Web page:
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CODE 104270
ACADEMIC YEAR 2024/2025
CREDITS
SCIENTIFIC DISCIPLINARY SECTOR SPS/01
LANGUAGE Italian
TEACHING LOCATION
  • GENOVA
SEMESTER 1° Semester
MODULES Questo insegnamento è un modulo di:
TEACHING MATERIALS AULAWEB

OVERVIEW

This course aims to analyse and critically discuss the interplay between methodological assumptions and normative implications in contemporary political theories. At the intersection between theory, practice and political methodology, the course aims to assess the plausibility of practical and theoretical implications of the most relevant models in normative political theory.  

AIMS AND CONTENT

LEARNING OUTCOMES

Normative political theory deals with matters of justice that have a distinctively collective nature. At the intersection between different disciplines (political philosophy, political theory and ethics), normative political theory addresses both substantive topics (multiculturalism, pluralism, toleration, animal and environmental ethics, international justice), as well as methodological issues (public justification, realism and idealism in political theory, and so on). Normative political theory seeks to investigate practical problems employing the conceptual resources of political philosophy and/or of other disciplines.

AIMS AND LEARNING OUTCOMES

This course aims to provide students with the necessary conceptual tools to better understand the relation between methodological and normative issues in contemporary political theories. At the end of the course, students

  • will be aware of the relation between theory and practice,
  • will be able to discuss critically the practical implications of normative political theories, and
  • will be able to e balance competing demands of justification and application.

TEACHING METHODS

The course will be delivered in presence. The first section will consist of lectures in order to introduce the basic conceptual apparatus. The other section will also include seminars. Depending on the students’ availability, each section will be concluded by a seminar in which the students will present and critically discuss a possible solution to the problems raised by the course.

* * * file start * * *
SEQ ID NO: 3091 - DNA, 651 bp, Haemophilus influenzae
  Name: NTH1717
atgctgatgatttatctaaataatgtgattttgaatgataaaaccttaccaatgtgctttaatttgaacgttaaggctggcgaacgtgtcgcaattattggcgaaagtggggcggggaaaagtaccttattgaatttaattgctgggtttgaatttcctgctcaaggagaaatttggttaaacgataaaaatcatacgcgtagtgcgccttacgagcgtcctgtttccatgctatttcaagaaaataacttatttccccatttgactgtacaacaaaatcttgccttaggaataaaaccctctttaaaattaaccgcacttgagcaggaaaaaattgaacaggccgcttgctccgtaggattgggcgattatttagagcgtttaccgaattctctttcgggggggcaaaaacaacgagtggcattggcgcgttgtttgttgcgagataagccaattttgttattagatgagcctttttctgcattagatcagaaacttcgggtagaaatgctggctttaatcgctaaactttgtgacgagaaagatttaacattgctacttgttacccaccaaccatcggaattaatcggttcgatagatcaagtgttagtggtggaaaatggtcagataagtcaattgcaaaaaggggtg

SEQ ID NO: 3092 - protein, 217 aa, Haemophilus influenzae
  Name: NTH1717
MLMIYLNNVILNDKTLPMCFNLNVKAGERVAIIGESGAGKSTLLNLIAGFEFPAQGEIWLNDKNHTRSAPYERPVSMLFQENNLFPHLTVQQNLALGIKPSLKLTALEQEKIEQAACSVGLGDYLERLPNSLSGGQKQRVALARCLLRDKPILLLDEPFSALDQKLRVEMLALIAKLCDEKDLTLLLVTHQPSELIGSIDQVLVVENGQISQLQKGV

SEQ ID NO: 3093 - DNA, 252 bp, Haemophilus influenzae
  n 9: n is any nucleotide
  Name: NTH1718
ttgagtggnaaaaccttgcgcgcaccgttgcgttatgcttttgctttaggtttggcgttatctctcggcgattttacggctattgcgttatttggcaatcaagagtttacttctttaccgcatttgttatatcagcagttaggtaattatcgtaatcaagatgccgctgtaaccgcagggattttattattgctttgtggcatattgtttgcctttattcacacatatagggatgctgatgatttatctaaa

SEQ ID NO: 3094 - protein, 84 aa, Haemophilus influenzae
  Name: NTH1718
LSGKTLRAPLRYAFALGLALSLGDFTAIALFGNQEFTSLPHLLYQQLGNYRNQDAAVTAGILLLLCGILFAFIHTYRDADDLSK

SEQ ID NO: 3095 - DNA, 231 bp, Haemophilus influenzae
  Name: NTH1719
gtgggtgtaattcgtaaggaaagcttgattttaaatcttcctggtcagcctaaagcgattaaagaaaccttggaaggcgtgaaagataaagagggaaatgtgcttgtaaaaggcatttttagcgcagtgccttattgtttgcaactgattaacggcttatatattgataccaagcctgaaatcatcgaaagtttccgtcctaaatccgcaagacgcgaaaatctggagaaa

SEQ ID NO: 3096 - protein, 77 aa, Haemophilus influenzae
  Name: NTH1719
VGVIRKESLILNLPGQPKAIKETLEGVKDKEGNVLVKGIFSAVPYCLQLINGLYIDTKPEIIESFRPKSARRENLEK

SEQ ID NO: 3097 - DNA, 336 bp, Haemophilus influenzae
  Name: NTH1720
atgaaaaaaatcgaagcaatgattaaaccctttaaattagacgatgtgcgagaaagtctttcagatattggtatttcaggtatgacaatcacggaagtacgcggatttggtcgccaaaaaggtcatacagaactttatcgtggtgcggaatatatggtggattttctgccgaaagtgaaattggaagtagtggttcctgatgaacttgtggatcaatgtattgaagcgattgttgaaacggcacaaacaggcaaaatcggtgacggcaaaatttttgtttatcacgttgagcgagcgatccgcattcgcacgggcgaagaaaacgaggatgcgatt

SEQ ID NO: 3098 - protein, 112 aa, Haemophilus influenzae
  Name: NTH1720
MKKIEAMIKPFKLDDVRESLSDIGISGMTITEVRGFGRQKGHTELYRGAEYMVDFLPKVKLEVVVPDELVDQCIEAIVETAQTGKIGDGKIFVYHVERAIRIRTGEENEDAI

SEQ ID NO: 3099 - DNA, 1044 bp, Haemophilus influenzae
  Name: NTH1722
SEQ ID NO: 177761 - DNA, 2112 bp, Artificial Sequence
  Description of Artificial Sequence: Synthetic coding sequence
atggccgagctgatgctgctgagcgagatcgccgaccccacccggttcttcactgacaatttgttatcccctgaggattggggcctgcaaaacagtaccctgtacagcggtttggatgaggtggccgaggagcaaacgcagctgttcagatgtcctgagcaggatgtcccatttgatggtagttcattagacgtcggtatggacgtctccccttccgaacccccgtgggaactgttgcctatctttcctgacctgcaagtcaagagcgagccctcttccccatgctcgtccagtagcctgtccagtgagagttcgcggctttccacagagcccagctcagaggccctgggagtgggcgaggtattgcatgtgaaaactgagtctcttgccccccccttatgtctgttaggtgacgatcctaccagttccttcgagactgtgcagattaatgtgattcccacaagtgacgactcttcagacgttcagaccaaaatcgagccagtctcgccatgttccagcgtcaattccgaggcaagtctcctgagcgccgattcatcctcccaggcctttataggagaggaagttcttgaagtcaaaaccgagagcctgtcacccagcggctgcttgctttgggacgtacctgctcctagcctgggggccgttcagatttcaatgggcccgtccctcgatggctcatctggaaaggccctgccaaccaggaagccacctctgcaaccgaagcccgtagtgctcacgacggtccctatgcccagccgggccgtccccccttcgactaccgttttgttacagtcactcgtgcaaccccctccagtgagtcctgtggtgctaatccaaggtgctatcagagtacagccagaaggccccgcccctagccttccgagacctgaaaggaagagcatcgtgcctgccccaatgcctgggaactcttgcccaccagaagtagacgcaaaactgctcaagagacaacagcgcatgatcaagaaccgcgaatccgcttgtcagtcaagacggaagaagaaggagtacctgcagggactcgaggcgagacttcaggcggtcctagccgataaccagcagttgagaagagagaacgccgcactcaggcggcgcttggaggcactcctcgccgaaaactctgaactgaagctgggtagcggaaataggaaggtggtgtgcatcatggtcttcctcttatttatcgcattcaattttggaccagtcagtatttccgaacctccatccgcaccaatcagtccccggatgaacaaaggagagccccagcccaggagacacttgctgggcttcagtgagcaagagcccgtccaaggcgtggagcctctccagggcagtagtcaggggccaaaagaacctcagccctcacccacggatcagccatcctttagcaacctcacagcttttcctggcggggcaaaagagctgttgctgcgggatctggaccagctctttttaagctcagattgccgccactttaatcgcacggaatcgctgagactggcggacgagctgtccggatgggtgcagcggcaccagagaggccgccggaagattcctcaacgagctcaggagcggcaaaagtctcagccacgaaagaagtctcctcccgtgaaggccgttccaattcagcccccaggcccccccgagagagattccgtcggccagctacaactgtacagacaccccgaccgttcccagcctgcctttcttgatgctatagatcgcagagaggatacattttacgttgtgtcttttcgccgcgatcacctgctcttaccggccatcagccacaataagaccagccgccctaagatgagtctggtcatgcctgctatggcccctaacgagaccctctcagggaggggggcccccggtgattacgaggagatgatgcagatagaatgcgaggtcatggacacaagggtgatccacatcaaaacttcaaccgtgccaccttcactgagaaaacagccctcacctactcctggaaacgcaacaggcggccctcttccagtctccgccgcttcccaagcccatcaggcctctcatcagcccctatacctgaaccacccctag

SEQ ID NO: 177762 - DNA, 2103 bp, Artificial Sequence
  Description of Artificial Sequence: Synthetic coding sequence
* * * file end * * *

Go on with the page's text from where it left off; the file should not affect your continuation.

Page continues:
SYLLABUS/CONTENT

The design of this course follows a “Problem Based Learning” (PBL) methodology. Specifically, it seeks to address the practical and theoretical problem of implementing the demands of justice. How could normative theories of justice improve their capacity to be put in practice? And, what can the role of political theories be? These questions inhabit the whole history of political philosophy, in particular the opposition between idealism and realism, and are still present in contemporary debates.

The first part will be organized in different sub-sections, each of which will address the following questions:

  • Is there an inevitable divide between facts and principles? Can facts influence the justification of first principles of justice (see the Rawls-Cohen debate)?
  • Can we employ ideal theory or should we rely on non-ideal theory? What is the admissible level of (non-)ideality? (see the Rawls-Sen debate, Estlund’s “utopophobia”, and the relation between ideal theory and utopia)
  • Do facts constraint what we can morally demand of people?
  • Can feasibility limit the demands of justice? (see the debate between Southwood, Lawford-Smith, Gilabert and Wiens)

For each sub-section, the students will be provided with a conceptual apparatus (for instance, concerning the merits and limits of realist or idealist approaches). The second part of the course will be run in a text-based approach, by reading and collectively commenting on major authors who have dealt with the following themes concerning the relation between normative theory and practice: